The air-tight structure keeps gypsum dust inside and away from the environment. It enables flexibility for controlling dust during loading and unloading operations.

The Monolithic Dome is a free-span structure allowing maximum storage plus free movement by material handling equipment.

The dome is incredibly strong. The column-free structure supports conveyor equipment on top of the dome as well as suspended equipment inside. The concrete wall resists impacts by front-end loaders. And the dome will protect the product during storms and other disasters.

Design Considerations

Bulk gypsum powder is a heavy product at 100 pounds per cubic foot (16 kg/m³) with an angle of repose of 35 degrees. Gypsum material is transportable via conveyors and can pour into a cone-shaped pile.

The specific design of a Monolithic Dome storage depends on the facility. What is the current workflow? What equipment already exists? How much gypsum will be stored? How much land is available?

Although implementation details differ with every project, generally, there are two basic types — pile cover or load-bearing.

Pile Cover Storage Dome

A “pile cover” storage dome is a low-profile dome that covers the material cone with little or no loading of gypsum powder against the dome wall.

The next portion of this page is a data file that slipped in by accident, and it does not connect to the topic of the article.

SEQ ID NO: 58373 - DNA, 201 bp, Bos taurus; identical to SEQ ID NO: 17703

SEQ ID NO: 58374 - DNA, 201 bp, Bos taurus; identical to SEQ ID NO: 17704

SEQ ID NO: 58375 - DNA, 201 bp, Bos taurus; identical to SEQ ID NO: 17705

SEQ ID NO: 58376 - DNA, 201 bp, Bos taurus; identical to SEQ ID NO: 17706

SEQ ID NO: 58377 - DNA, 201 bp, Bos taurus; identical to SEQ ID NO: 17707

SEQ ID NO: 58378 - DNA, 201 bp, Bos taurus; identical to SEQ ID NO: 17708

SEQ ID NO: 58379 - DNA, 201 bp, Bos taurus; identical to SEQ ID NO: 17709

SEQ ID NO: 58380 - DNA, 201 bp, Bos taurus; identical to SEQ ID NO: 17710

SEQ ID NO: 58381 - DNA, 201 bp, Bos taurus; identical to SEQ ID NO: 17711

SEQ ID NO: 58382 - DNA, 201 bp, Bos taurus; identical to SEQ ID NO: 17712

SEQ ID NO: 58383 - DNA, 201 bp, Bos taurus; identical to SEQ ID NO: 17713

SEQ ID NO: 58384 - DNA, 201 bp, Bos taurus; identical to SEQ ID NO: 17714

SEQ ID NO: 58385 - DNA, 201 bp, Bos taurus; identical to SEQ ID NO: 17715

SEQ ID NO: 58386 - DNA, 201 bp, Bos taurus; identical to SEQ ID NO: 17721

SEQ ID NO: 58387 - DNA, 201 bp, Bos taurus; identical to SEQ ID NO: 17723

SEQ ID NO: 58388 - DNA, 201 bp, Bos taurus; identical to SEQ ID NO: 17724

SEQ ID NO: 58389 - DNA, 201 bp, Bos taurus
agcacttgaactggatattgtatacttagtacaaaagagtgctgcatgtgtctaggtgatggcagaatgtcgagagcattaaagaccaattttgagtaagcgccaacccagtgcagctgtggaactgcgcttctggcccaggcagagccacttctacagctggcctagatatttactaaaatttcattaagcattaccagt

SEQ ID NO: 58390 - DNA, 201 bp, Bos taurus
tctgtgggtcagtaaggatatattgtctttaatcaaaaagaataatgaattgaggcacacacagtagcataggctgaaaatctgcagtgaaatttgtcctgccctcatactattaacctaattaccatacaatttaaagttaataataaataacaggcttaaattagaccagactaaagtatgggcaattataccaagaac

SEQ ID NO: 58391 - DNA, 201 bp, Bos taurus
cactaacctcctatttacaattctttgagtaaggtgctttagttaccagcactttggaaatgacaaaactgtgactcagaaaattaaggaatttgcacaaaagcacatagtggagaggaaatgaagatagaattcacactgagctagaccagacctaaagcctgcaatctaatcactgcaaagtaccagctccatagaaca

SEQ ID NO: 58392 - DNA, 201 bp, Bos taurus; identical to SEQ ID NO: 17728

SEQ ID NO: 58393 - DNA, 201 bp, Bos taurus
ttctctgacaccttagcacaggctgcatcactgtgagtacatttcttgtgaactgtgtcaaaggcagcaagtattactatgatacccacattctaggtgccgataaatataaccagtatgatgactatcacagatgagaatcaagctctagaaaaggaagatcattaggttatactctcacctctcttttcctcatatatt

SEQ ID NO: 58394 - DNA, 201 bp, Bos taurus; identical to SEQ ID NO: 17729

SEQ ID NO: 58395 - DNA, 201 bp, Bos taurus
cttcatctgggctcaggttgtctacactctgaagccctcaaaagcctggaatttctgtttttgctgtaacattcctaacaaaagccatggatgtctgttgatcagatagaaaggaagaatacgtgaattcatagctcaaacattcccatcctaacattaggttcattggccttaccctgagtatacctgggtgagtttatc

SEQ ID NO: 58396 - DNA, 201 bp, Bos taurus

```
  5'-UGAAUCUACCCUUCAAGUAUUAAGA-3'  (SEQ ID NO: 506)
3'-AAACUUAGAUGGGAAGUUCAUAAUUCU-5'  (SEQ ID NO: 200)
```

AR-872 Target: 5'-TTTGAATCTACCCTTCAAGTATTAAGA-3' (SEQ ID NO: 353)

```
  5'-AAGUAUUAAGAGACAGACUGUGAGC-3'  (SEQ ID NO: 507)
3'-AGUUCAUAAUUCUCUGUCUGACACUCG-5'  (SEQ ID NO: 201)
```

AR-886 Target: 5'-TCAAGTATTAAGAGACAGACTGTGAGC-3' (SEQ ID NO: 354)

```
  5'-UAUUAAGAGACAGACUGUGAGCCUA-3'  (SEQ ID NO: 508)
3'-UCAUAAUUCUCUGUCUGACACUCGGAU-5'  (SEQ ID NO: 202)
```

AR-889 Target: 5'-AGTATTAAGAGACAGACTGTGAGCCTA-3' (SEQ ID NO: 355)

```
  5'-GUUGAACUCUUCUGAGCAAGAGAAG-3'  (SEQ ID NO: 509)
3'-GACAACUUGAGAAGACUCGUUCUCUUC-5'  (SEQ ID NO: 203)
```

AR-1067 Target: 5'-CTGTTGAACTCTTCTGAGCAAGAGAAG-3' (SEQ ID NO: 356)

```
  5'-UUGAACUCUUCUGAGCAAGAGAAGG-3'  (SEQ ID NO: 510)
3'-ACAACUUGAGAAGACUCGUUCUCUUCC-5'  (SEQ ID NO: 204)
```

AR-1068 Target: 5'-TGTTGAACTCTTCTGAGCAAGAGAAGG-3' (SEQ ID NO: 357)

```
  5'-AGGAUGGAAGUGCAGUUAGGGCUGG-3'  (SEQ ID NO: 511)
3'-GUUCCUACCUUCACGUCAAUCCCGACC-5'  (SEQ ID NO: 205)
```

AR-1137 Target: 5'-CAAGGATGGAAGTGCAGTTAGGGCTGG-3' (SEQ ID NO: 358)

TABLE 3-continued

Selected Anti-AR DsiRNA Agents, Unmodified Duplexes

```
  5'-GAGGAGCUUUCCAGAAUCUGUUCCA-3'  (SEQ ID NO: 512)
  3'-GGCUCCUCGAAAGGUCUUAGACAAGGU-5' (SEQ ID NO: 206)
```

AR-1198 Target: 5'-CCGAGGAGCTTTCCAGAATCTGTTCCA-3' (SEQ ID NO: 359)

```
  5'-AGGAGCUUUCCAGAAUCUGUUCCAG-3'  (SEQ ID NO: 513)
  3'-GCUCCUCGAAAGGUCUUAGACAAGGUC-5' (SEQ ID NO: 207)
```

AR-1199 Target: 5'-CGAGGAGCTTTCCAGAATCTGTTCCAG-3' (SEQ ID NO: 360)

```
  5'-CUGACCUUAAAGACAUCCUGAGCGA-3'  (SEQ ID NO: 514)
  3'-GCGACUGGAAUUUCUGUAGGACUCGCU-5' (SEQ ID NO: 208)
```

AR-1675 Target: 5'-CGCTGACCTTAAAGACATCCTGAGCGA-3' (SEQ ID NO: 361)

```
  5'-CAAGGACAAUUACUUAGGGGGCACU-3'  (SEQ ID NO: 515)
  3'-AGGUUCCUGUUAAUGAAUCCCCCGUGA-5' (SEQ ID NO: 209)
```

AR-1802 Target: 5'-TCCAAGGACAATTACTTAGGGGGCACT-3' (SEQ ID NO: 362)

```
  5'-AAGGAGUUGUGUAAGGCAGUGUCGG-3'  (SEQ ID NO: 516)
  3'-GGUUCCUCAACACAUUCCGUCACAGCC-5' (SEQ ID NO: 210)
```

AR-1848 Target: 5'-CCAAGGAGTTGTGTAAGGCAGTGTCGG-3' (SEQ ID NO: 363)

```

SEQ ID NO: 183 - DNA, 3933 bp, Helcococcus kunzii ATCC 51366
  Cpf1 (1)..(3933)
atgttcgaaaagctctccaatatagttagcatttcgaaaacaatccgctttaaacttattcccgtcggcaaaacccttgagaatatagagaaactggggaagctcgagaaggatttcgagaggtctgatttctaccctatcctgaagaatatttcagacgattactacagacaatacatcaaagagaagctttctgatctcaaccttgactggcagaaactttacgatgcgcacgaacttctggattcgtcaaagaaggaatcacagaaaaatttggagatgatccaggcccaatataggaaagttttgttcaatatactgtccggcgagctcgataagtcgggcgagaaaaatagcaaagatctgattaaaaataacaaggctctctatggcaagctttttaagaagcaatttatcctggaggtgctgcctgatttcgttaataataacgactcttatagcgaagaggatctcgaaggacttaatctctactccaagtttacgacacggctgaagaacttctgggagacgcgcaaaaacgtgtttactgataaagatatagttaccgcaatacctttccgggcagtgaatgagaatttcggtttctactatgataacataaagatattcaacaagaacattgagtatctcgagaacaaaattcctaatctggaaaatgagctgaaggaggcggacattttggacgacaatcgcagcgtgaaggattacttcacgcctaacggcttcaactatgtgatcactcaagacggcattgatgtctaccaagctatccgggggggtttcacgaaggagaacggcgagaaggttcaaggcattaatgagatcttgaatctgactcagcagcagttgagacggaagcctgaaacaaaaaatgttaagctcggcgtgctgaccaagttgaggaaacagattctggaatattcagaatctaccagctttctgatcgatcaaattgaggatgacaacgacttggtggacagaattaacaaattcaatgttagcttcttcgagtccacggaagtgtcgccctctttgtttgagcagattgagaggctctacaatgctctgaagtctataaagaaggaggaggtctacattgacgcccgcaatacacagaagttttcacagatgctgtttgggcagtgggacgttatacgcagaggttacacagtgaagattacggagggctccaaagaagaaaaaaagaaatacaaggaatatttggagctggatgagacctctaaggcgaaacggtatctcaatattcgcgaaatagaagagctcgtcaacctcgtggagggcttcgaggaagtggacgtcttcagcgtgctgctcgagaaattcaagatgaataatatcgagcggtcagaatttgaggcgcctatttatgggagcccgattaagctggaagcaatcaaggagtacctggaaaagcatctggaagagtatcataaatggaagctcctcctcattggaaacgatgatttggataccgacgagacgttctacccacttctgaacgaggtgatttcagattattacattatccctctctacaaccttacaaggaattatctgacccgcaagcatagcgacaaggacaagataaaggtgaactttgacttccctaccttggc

Gypsum is loaded via a conveyor through the head house, dropped into the dome, and forms a cone-shaped pile that flows out until it reaches the dome’s diameter and height. There is little to no product pressed against the dome, so it’s safe for front-end loaders to enter and remove the gypsum.

A low-profile storage dome is ideal for facilities migrating from open or semi-enclosed pile cones that want the Monolithic Dome’s advantages, but already have the equipment and workflow for managing the pile.

Pros

  • Integrates with existing workflow
  • Uses existing material handling equipment
  • Standard dome construction
  • The free-span structure covers the entire pile

Cons

  • Requires more land
  • Less automation
  • Manual unloading

Load-Bearing Storage Dome

A hemispherical or silo-shaped Monolithic Dome allows more storage capacity for available real estate. This is because the dome itself is load bearing — it not only supports the conveyor equipment and head house, but it also contains the product piled inside against the dome wall.

Gypsum material is conveyed to the dome’s top where it drops inside, forming a deep pile against the dome. The dome is constructed with more steel and concrete to contain the pile forces.

An automated unloading system is more common with this storage type because the product pile is under pressure. Automation typically unloads the entire dome without intervention, lowering overall labor costs and increasing throughput.

A load-bearing storage dome should be considered for new facilities without existing infrastructure or need to dramatically increase storage capacity — or there is limited available land.

Pros

  • Requires less land per storage volume
  • Customized reclaim systems
  • Fully automated unloading
  • Greater usage of storage volume

Cons

  • Heavy-duty dome construction
  • Investment for reclaim system